Working group on Arts & Humanities launched by WSU Office of Research

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The new Washington State University Working Group on Arts & Humanities is bringing together faculty from across the system to enhance research, scholarship, and creative activity.

On April 10, the Working Group on Arts & Humanities will host a Spring Arts and Humanities Showcase from 5–7 p.m. in the Lewis Alumni Center and via Zoom. The event is open to all WSU community members and will highlight the research, scholarship, and creative production of WSU faculty. During the event, students in the Digital Technology and Culture major will show short videos that feature faculty’s community-engaged work. Participants will also be able to watch flash talks by the spring Arts and & Humanities Process Award winners. Refreshments will be provided. RSVP to attend.

“We encourage everyone to attend the showcase. This will be a great opportunity to learn from the work conducted by your colleagues while providing an opportunity for networking with faculty across the system,” said Kim Christen, associate vice president for Research Advancement and Partnerships.

Hosted by the Office of Research, the Working Group on Arts & Humanities has developed several initiatives to encourage multidisciplinary and interdisciplinary collaboration.

The working group launched new Arts & Humanities Process Grants this spring to support faculty initiatives and projects with up to $2,500 in funding. The grants are offered twice a year and open to all faculty engaged in work based in the arts and humanities, regardless of track, campus, or unit. The funding is intended to support crucial items, such as materials, printing, tools, software, permissions, services, event support, marketing, participant stipends, and more.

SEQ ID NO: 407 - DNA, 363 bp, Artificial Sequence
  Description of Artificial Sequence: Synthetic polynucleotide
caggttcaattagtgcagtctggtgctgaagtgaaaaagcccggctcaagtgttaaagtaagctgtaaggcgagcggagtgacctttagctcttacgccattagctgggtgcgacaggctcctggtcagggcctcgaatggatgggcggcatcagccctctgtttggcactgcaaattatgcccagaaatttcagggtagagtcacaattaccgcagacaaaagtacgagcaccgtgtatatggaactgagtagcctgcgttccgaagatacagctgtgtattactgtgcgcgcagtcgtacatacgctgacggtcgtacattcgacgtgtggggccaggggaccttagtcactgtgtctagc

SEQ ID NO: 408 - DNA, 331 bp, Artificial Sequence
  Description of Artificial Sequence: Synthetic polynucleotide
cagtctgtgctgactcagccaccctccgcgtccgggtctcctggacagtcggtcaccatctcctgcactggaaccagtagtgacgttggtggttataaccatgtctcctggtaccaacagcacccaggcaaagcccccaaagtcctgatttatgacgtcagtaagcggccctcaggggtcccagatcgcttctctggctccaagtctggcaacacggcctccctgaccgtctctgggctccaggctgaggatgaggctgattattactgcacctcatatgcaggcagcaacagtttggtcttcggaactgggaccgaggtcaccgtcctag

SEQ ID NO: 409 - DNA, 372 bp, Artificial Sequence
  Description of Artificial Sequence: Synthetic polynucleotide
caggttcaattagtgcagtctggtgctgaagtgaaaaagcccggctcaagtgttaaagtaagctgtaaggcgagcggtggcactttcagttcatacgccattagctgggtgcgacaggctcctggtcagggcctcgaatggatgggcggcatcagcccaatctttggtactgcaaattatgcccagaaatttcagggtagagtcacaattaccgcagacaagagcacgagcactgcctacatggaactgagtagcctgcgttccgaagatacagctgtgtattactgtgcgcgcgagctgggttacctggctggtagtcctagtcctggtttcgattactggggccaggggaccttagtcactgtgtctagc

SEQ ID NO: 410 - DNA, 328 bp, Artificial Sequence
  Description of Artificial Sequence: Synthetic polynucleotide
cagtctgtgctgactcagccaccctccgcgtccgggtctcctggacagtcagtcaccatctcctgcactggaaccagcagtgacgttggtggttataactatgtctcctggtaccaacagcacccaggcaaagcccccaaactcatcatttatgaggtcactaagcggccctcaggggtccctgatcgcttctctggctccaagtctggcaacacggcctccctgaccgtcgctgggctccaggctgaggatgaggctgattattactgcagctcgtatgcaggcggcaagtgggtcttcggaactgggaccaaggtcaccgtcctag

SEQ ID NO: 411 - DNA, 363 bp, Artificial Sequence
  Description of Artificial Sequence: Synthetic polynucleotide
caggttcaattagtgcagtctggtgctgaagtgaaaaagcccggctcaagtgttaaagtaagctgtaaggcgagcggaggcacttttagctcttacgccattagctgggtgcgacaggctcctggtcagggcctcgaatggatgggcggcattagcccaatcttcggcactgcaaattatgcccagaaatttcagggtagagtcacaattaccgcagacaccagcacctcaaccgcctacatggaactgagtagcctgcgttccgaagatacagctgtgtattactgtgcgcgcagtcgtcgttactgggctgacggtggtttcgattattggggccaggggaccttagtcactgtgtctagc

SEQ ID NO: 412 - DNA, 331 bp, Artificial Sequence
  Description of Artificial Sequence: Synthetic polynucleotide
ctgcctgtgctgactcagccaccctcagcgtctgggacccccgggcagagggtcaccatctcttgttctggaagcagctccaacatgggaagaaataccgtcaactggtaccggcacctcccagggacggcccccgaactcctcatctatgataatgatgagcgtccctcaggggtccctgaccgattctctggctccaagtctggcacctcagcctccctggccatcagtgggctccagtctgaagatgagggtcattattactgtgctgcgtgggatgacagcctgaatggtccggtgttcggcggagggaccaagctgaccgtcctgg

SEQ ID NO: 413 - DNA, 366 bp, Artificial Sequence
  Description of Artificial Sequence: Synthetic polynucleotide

“Today’s greatest challenges are not only scientific and technical but also cultural, social, historical, and artistic,” said Todd Butler, dean of the College of Arts and Sciences. “These new programs will further WSU’s capacity to sustain creativity and scholarship in the arts and humanities and ensure that expertise supports the communities we serve.”

Recipients of the spring 2024 Process Grant Awards are:

  • Peter Christenson, WSU Tri-Cities
    Associate professor in the Department of Art

    Christenson will work with disabled activists and creatives to produce multimedia artworks and experimental films showcasing the experiences of people with disabilities.
  • Jeannie Shinozuka, WSU Pullman
    Assistant professor in the School of Languages, Cultures, and Race

    Shinozuka will excavate materials at the National Archives of Japan and the National Diet Library in Tokyo to consider the interrelationship of invasive biota and racial formations.
  • Kevin Haas, WSU Pullman
    Professor in the Department of Art

    Haas will research and produce materials and equipment needed for printmaking studios and fabricate a prototype for a screen-printing vacuum table.

“The Office of Research is excited to be able to support the work of our researchers in the arts and humanities. Their research, scholarship, and creative activities will have a lasting impact on society,” said Michael Wolcott, Regents Professor and interim vice president for research at WSU.

Earlier this spring, the working group also hosted a series of interdisciplinary dialogues around a common theme across units. In February, three presenters from different areas briefly shared their approach to research, scholarship, and/or creative activity on the theme “Decay and Resilience.” An informal conversation with audience members about their related work and interests followed the presentation. The second dialogue was held in March and focused on “Borders and Bridges.”

“We are excited to be able to bring researchers together to explore common themes that impact society. We hope these dialogues will inspire our researchers to think about their approach to research, scholarship, and/or creativity activity and may establish networking opportunities that could result in collaboration,” said Christen.

More dialogue events are planned for the fall semester and proposals for the fall process grants are due Sept. 20. For questions about the Arts & Humanities Process Grants, email

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